The $2 Million Porsche 911 Spyder Built By Nuccio Bertone

All good classic cars have a great story – and if it’s a Porsche 911, this is usually twice as true. This Porsche 911 Spyder is no exception to the rule, as it would become the coveted predecessor to Porsche convertibles for decades to come. GOODING & COMPANY recently sold the vehicle in an auction in California, receiving over 50% of what they initially expected.

The Porsche 911 shape is immediately recognisable by the most amateur of motoring enthusiasts and the idea of violating the shape of this great car is sacrilege. This was especially true in the ’60s, just as Porsche was beginning to establish themselves as an influential name on the luxury car market. But this same market was begging for an attractive convertible or spyder make during the time, but Porsche didn’t think such an achievement was worth pursuing due to strict US motoring regulations. Porsche itself didn’t release their own roofless cars until late 1982, with the Cabriolet. But an influential enthusiast and distributor, Johnny von Neumann, wasn’t prepared to wait 20 years for his dream car.

Porsche 911 Spyder 2

And so, von Neumann got to work. As a longtime seller, racer, and admirer of Porsche, von Neumann wasn’t going to accept a botched job; he knew he had to work from the bottom up. As a local Californian, von Neumann believed there’d be a market for such a car so, with the permission of Porsche, got his hands on a bare 911 chassis. Enter the legendary designer and manufacturer, Nuccio Bertone.

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With von Neumann’s deep pockets and Berton’s extraordinary capabilities, it seemed that this custom Porsche 911 had a bright future ahead of it. Bertone added a sweet Italian touch to the vehicle, in contrast to Porsche’s notably German aesthetic. The result is a beautifully classic European marriage of car design – Italian on the outside and German on the inside.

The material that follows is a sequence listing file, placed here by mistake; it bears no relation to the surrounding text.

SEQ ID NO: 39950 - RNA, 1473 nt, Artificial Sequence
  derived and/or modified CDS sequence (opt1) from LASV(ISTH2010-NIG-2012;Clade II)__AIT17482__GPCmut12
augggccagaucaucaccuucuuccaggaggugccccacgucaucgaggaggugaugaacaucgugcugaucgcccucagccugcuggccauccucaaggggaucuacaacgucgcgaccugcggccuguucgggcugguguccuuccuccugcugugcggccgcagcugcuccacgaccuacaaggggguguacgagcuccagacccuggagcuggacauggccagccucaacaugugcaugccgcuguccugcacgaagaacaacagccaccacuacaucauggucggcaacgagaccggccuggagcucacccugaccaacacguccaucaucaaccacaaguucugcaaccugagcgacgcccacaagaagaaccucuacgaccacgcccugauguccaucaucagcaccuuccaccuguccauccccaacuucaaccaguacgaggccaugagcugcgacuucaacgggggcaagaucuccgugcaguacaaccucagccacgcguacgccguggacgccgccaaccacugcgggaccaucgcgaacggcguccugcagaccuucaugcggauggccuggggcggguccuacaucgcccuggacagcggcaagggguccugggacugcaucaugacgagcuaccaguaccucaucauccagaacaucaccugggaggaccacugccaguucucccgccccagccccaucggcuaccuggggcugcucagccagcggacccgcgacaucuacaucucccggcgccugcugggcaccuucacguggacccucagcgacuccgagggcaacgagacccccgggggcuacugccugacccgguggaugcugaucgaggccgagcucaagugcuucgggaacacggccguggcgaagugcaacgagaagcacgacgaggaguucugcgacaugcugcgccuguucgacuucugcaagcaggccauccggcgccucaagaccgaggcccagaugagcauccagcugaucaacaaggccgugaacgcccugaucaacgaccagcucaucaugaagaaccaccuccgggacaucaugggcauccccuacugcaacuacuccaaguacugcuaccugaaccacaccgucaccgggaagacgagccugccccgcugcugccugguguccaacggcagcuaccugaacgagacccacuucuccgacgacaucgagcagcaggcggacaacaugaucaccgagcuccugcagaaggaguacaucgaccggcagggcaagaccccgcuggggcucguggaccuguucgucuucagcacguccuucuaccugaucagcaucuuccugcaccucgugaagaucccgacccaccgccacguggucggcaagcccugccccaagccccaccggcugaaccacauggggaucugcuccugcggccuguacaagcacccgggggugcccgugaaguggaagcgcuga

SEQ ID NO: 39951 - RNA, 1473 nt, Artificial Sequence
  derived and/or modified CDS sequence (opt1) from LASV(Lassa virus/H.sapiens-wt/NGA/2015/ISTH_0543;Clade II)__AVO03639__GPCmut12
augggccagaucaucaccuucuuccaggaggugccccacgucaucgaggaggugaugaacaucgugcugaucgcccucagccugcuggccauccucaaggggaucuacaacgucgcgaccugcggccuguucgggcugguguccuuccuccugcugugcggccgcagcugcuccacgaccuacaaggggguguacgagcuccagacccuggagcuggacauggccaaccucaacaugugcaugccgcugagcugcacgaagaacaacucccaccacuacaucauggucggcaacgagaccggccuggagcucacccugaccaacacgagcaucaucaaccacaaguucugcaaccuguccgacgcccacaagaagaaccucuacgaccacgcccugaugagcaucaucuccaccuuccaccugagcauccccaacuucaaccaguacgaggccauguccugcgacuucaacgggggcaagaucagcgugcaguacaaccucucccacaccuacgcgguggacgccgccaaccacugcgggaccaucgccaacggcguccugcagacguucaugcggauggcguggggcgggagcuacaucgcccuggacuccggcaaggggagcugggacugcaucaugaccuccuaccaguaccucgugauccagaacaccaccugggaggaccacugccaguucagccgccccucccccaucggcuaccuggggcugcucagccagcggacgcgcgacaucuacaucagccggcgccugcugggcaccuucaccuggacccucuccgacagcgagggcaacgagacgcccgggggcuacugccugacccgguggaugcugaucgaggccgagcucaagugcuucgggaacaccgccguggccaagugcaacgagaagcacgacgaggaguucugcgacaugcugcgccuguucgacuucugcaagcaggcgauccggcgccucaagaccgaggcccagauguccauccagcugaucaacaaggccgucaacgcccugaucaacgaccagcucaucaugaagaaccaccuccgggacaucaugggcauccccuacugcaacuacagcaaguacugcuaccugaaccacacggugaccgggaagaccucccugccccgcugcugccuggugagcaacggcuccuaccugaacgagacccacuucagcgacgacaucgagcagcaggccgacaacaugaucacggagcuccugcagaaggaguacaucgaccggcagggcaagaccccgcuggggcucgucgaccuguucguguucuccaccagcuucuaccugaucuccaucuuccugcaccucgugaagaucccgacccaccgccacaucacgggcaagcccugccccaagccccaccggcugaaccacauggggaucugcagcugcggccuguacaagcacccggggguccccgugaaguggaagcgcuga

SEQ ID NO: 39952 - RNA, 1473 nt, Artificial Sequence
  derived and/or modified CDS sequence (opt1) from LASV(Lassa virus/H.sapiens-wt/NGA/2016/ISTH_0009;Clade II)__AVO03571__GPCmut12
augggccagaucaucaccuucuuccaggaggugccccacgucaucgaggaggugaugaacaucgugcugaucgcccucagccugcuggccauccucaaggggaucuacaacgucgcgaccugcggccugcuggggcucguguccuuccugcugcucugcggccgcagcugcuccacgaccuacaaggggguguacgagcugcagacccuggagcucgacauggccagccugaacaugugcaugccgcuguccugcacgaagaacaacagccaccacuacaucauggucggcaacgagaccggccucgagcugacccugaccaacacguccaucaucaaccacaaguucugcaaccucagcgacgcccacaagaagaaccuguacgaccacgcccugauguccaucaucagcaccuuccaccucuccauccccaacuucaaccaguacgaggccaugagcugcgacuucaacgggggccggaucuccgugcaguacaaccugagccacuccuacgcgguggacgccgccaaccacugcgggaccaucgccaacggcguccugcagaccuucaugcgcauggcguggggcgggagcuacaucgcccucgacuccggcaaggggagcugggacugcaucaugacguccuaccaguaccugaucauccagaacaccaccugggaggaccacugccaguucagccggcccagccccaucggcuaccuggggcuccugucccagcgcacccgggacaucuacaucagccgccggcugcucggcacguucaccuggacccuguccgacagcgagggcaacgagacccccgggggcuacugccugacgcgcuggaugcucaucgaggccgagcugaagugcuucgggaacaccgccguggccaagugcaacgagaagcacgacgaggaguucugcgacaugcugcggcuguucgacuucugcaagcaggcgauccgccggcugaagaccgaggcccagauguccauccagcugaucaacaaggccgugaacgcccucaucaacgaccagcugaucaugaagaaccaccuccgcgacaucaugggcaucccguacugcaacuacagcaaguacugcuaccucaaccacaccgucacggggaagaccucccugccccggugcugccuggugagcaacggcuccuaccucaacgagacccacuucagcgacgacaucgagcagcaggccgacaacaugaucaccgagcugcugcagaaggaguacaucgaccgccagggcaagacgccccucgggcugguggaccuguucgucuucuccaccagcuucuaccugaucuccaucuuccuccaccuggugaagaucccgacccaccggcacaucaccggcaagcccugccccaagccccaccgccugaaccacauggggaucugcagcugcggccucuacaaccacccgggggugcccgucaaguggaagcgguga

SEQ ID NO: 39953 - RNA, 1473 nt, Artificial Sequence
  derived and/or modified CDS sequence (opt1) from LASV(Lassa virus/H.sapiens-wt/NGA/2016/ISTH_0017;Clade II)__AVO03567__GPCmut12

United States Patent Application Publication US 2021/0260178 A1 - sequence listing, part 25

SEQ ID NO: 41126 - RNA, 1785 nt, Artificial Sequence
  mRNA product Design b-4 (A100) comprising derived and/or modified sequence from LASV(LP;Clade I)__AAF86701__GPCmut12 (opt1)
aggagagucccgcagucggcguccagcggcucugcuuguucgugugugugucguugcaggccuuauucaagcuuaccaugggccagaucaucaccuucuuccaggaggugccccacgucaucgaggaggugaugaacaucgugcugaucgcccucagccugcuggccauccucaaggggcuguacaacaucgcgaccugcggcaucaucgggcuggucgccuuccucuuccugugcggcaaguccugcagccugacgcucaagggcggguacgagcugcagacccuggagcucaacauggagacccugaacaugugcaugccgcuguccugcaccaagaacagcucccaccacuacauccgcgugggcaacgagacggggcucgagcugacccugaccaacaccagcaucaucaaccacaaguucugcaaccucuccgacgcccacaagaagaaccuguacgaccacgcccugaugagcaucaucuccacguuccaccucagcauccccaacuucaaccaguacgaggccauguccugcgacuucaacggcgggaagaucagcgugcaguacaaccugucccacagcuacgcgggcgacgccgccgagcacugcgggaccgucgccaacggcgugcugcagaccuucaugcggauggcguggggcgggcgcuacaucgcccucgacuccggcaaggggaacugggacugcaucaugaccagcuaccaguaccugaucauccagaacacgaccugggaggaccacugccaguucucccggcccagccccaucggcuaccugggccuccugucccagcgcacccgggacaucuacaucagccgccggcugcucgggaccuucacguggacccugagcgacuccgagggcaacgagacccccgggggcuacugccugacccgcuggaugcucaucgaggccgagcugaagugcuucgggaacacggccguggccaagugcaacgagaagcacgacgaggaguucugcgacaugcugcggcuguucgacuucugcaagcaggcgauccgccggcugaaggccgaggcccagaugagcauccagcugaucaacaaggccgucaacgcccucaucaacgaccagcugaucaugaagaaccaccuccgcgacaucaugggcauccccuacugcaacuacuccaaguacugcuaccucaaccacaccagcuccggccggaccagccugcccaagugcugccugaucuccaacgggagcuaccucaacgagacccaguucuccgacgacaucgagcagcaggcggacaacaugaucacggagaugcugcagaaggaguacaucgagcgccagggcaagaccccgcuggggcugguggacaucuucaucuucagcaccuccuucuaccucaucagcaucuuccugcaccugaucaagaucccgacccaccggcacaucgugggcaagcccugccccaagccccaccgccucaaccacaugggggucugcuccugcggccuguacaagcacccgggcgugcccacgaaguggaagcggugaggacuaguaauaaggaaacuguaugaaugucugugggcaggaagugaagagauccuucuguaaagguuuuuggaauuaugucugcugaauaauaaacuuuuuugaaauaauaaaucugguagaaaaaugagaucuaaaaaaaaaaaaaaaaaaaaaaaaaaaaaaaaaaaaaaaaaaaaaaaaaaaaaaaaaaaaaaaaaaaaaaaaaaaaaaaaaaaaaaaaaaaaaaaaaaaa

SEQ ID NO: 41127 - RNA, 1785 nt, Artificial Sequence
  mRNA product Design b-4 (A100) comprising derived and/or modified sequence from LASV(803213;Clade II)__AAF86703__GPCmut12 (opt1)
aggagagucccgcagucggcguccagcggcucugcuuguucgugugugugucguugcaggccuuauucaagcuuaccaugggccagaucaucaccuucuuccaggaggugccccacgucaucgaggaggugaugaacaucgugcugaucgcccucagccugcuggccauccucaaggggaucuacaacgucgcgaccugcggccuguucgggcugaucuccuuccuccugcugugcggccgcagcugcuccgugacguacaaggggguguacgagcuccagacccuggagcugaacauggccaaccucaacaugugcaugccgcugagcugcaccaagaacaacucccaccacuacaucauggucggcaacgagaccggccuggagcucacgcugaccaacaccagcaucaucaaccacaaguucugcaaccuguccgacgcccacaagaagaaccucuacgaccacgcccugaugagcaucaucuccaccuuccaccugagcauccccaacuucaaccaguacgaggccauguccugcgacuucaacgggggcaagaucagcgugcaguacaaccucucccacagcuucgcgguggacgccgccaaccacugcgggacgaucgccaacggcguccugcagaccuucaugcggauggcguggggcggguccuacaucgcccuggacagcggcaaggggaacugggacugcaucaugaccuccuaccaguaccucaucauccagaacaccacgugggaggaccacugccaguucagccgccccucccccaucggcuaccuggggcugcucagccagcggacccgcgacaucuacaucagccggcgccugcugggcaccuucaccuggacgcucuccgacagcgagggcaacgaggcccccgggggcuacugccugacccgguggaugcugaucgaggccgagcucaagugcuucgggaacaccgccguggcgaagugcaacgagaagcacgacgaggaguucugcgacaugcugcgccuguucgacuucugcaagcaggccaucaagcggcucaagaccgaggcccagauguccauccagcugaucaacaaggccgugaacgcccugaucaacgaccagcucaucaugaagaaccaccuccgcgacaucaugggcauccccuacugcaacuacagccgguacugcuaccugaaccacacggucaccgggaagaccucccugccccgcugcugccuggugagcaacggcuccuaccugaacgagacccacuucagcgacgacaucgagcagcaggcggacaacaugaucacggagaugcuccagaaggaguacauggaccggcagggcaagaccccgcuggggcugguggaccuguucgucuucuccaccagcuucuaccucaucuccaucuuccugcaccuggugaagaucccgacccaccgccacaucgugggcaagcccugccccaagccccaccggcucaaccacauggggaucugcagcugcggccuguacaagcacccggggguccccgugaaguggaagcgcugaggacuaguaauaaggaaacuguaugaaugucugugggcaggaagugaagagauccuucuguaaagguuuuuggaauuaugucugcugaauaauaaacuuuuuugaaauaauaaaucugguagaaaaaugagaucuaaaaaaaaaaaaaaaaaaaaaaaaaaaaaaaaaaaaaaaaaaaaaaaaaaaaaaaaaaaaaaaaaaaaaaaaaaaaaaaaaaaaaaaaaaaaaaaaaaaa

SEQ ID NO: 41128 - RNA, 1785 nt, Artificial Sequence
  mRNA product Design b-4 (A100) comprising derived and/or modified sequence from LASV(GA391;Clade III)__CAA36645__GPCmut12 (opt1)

Porsche 911 Spyder 3

Porsche 911 Spyder 4

This inside is composed of a 2.0 litre, six-cylinder engine resulting in a commendable 160 horsepower. With this instalment, the car was debuted at the 1966 Geneva Motor Show, dubbed the ‘Porsche 911 Spyder.’ Somehow, the car wasn’t picked up by fellow enthusiasts and no orders were placed. Not one to be offended, von Neumann took the stunning prototype back to California with him, and the car has changed hands steadily ever since. These changes in ownership were private, and no real word about the Porsche 911 Spyder was unveiled until it showed up on GOODING & COMPANY with an expected asking price between $978,000 AUD and $1,397,000 AUD. von Neumann’s dream car finally got the recognition it deserved and the 1966 Porsche 911 Spyder sold for over $2,00,000 AUD – more than double the lowest estimations.

For a modern interpretation of the Porsche convertible, see the Porsche 911 Speedster.


Jay is a writer and content producer for The Versatile Gent.